EPJ Web Conf.
Volume 247, 2021PHYSOR2020 – International Conference on Physics of Reactors: Transition to a Scalable Nuclear Future
|Number of page(s)||8|
|Section||Core Analysis Methods|
|Published online||22 February 2021|
NEUTRON NOISE PATTERNS FROM COUPLED FUEL-ASSEMBLY VIBRATIONS
1 Technische Universität Dresden, Chair of Hydrogen and Nuclear Energy George-Bähr-Straße 3b, D-01069 Dresden, Germany
2 PreussenElektra GmbH, Tresckowstrae 5, D-30457 Hannover, Germany
3 Helmholtz-Zentrum Dresden-Rossendorf, Reactor Safety Division Bautzner Landstraße 400, D-01328 Dresden, Germany
Published online: 22 February 2021
The neutron flux fluctuation magnitude of KWU-built PWRs shows a hitherto unexplained correlation with the types of loaded fuel assemblies. Also, certain measured long-range neutron flux fluctuation patterns in neighboring core quadrants still lack a closed understanding of their origin. The explanation of these phenomena has recently revived a new interest in neutron noise research.
The contribution at hand investigates the idea that a synchronized coolant-driven vibration of major parts of the fuel-assembly ensemble leads to these phenomena. Starting with an assumed mode of such collective vibration, the resulting effects on the time-dependent neutron-flux distribution are analyzed via a DYN3D simulation. A three-dimensional representation of the time-dependent bow of all fuel assemblies is taken into account as a nodal DYN3D feedback parameter by time-dependent variations of the fuel-assembly pitch. The impact of its variation on the cross sections is quantiﬁed using a cross-section library that is generated from the output of corresponding CASMO5 calculations.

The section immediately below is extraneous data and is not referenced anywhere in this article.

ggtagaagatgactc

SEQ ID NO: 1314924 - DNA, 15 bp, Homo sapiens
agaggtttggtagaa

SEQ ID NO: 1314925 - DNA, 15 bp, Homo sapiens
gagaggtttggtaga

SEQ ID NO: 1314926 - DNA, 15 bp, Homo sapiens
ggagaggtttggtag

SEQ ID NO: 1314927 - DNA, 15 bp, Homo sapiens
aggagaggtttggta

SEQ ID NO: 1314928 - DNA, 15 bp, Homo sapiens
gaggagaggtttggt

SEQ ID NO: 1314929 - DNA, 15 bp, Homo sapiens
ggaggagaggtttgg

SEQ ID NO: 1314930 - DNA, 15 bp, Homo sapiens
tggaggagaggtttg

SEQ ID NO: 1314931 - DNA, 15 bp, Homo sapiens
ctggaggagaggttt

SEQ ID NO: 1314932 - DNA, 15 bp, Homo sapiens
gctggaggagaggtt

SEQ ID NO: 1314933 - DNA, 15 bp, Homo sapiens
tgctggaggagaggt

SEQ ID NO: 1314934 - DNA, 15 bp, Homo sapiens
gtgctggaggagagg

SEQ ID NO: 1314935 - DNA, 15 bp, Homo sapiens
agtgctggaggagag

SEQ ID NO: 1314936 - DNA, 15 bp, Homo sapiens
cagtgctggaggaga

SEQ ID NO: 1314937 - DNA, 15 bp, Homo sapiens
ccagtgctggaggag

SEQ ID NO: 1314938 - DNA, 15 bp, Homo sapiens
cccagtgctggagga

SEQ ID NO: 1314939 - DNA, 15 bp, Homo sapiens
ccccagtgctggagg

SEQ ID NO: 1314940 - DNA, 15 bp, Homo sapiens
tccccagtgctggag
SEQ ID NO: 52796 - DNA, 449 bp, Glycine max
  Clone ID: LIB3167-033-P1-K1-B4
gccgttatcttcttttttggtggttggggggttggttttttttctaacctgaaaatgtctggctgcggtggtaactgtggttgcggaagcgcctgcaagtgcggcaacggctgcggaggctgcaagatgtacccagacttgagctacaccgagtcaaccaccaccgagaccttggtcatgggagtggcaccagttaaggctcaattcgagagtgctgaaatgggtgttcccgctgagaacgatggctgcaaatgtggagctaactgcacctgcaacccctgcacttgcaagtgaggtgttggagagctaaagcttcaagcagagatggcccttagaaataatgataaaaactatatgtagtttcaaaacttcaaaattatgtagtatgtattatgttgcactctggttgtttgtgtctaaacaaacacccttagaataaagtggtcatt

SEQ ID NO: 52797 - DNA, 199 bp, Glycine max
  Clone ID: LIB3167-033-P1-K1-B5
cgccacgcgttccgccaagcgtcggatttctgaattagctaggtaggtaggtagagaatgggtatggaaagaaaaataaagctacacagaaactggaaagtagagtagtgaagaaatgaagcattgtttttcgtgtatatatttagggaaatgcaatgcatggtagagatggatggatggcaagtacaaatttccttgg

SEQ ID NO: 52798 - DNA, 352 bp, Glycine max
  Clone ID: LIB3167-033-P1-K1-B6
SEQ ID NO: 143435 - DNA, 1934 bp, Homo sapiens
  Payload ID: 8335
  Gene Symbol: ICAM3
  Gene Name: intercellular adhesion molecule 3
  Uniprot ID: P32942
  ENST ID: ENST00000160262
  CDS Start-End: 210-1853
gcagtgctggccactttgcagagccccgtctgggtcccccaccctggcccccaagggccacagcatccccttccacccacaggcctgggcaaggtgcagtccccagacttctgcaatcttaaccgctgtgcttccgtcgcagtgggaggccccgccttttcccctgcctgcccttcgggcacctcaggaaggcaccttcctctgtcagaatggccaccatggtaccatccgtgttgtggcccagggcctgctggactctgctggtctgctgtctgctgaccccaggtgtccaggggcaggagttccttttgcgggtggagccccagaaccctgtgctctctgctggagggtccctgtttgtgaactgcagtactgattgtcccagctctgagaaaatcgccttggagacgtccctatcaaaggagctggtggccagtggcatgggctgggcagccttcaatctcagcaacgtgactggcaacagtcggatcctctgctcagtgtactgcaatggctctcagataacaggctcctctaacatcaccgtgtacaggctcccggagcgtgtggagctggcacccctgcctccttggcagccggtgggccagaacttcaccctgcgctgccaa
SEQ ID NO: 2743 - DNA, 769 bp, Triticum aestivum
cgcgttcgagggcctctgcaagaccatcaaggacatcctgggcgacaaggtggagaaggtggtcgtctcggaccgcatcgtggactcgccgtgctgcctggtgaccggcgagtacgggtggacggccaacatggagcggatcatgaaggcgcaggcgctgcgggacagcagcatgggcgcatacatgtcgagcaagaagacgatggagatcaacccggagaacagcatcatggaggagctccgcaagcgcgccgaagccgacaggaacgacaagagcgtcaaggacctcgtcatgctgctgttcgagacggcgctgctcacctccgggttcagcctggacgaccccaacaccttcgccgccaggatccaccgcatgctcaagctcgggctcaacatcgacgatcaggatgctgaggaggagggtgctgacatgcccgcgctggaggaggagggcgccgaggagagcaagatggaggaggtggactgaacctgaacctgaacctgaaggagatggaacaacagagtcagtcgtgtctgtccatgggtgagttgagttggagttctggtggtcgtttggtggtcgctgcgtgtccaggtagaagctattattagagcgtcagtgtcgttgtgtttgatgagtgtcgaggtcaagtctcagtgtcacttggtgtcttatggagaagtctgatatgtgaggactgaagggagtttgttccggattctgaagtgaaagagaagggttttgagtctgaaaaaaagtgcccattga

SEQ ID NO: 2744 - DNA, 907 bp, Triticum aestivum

The DYN3D simulation qualitatively reproduces the measured neutron-flux fluctuation patterns. The magnitude of the fluctuations and its radial dependence are comparable to the measured details. The results imply that collective fuel-assembly vibrations are a promising candidate for being the key to understand long-known fluctuation patterns in KWU built PWRs. Further research should elaborate on possible excitation mechanisms of the assumed vibration modes.
Key words: Neutron noise / KWU / PWR
© The Authors, published by EDP Sciences, 2021
This is an Open Access article distributed under the terms of the Creative Commons Attribution License 4.0, which permits unrestricted use, distribution, and reproduction in any medium, provided the original work is properly cited.
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